Tullian Tchividjian

Tullian, I hear you’re making a comeback.

It’s been a whole year since you married one of the four to seven women you allegedly either sexually abused or groomed while you were married to your first wife. And now you have a new blog to tell us that your scandalous sin is the very reason you’re qualified to preach, and “the world needs Tullian.”

You got me pondering about one of your mottos:

Jesus + Nothing = Everything

Like “let go and let God,” it’s one of those sayings I think some people may have used without really thinking about what they mean.

But it’s easy to find out what you mean by it. I read the interview in Decision magazine in 2011, a couple of years before the first known case of clergy sexual abuse allegedly began, when you were promoting your book of the same name. You said:

  1. Because Jesus is strong for me, I am free to be weak.
  2. Because Jesus wins for me, I am free to lose.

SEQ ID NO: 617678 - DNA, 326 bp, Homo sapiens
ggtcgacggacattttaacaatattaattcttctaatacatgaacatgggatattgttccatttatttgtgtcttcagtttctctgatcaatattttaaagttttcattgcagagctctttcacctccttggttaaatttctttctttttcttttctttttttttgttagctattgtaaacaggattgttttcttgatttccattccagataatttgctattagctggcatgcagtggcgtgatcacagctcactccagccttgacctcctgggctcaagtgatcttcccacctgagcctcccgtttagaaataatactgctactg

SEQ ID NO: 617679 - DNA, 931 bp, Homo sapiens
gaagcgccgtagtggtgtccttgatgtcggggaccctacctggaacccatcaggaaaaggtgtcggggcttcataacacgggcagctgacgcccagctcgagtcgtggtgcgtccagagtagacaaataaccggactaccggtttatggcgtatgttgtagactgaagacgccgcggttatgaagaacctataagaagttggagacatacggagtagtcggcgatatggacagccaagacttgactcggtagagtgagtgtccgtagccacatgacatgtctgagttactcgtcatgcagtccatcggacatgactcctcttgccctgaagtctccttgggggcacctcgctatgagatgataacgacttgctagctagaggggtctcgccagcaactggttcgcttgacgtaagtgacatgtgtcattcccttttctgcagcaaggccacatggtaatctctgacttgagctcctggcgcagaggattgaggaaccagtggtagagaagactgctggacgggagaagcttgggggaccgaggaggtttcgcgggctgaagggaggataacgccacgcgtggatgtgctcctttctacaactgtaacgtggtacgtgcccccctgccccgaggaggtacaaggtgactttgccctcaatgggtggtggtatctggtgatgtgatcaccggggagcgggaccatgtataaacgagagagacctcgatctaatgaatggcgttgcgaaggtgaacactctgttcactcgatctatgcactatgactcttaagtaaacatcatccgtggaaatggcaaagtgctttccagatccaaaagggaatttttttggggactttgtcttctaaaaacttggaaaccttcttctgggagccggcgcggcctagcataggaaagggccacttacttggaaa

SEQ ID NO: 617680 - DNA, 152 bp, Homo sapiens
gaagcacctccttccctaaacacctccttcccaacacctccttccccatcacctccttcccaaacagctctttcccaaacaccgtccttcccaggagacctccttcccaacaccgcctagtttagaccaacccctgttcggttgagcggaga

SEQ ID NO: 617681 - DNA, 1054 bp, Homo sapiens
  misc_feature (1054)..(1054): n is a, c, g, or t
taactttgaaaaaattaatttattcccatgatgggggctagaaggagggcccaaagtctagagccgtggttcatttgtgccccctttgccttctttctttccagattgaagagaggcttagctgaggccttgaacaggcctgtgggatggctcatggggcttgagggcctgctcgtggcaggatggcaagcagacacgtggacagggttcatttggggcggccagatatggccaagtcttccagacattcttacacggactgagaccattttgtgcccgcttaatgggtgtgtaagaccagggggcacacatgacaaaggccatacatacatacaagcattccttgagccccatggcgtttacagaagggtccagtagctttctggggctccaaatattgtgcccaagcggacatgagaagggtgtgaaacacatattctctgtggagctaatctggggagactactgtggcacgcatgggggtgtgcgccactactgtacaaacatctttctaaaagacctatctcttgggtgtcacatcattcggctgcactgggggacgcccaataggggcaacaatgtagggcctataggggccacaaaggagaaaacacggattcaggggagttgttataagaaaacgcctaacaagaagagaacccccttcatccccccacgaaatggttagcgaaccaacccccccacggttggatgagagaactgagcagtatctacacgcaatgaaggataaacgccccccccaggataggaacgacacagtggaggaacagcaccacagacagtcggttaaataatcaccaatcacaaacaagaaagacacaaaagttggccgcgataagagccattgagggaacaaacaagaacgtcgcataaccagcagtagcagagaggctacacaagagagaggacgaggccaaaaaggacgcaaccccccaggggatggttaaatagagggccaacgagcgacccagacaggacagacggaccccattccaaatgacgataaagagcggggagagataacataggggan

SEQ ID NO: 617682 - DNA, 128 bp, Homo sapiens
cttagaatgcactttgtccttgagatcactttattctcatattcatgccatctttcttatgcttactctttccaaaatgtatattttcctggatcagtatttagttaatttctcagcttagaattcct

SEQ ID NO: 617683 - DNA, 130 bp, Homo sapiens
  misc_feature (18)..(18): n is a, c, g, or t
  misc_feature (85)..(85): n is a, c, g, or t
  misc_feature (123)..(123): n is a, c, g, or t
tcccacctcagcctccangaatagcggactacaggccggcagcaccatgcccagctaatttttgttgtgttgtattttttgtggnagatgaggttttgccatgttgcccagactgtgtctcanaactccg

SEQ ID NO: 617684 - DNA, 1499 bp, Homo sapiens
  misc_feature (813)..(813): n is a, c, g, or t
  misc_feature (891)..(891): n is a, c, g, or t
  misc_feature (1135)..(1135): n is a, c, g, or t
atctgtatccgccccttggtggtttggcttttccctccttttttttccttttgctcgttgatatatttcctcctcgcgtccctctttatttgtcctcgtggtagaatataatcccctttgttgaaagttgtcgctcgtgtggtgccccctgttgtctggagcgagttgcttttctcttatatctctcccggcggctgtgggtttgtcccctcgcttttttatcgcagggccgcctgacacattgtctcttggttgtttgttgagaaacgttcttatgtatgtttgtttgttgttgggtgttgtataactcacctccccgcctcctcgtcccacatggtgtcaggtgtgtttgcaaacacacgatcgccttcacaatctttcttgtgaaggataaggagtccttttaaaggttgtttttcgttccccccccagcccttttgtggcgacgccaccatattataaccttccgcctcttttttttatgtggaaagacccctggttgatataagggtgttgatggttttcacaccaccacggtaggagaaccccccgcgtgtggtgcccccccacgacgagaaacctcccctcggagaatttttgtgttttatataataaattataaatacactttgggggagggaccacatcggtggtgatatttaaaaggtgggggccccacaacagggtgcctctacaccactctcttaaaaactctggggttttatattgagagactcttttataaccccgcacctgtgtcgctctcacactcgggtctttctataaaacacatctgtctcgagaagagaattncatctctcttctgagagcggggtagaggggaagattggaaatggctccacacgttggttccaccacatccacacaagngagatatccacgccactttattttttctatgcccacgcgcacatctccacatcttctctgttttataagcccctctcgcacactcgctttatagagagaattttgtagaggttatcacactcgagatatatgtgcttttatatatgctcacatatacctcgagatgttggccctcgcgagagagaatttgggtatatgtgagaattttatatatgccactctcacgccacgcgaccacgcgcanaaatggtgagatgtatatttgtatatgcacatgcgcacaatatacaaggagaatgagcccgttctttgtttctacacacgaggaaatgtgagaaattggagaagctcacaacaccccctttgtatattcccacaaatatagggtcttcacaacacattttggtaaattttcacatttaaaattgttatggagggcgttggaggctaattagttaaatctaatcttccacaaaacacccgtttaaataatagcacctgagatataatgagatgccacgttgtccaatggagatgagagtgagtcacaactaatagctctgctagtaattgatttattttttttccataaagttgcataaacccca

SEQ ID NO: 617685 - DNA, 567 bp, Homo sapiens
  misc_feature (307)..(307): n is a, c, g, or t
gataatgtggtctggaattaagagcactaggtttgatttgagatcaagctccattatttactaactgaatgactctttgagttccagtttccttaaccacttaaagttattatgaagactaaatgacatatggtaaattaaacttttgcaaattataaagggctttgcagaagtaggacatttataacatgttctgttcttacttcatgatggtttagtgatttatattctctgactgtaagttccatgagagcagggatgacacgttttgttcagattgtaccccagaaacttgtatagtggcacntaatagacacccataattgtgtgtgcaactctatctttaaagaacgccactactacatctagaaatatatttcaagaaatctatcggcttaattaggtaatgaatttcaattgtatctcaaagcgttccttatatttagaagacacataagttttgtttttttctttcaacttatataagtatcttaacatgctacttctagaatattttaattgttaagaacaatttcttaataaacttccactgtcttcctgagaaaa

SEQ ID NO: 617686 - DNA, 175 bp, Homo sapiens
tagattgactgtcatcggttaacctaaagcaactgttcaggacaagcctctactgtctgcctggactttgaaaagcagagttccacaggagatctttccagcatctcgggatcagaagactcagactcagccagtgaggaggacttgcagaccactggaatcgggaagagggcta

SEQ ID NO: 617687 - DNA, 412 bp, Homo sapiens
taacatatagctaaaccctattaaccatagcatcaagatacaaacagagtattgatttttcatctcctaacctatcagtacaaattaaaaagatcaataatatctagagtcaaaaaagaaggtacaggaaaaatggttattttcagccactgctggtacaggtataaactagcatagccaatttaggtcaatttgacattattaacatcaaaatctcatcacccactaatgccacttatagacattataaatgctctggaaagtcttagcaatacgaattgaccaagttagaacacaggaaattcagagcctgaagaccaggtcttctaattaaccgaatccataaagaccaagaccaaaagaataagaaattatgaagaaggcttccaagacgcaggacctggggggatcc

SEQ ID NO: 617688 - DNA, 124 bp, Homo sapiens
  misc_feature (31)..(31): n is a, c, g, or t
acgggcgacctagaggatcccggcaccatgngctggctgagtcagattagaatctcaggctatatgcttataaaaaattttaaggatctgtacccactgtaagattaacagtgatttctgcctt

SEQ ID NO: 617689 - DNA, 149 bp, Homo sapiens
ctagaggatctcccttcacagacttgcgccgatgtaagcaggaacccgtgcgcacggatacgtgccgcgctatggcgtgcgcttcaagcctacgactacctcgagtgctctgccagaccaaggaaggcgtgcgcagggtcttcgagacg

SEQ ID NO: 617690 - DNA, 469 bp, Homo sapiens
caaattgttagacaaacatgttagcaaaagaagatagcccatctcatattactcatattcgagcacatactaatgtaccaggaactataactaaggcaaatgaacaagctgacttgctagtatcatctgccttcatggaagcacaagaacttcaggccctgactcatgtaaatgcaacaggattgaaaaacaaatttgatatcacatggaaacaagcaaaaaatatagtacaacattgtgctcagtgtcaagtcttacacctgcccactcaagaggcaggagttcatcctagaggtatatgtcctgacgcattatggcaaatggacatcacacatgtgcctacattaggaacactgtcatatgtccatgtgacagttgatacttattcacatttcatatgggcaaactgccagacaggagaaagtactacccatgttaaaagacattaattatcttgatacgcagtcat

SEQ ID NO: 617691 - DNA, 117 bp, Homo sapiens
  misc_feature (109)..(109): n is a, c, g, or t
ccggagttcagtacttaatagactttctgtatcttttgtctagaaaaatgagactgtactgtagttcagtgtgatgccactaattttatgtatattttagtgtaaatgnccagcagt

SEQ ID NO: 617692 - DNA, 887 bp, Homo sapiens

3. Because Jesus is Someone, I am free to be no one.
  4. Because Jesus is extraordinary, I am free to be ordinary.
  5. Because Jesus succeeds for me, I am free to fail.

I can see how that kind of thinking could lead to where you ended up.

But ummm . . . just no.

That is not what the Scriptures teach.

Here are a few things the Bible says about those thoughts, in numbered order. . . .

#1. But [the Lord] said to me [Paul], “My grace is sufficient for you, for my power is made perfect in weakness.” Therefore I will boast all the more gladly of my weaknesses, so that the power of Christ may rest upon me. 10 For the sake of Christ, then, I am content with weaknesses, insults, hardships, persecutions, and calamities. For when I am weak, then I am strong. (II Cor 12:9-10)

Notice that? Paul said when he was (physically) weak, he was (spiritually) strong. Not that he was free to be spiritually weak. 

 #2. Who shall separate us from the love of Christ? Shall tribulation, or distress, or persecution, or famine, or nakedness, or danger, or sword? 36 As it is written, “For your sake we are being killed all the day long;     we are regarded as sheep to be slaughtered.” No, in all these things we are more than conquerors through him who loved us. (Rom 8:35-37)

Notice that? Paul said that even when we Christians are undergoing (physical) persecution, we are (spiritual) conquerors and more than conquerors. Not losers.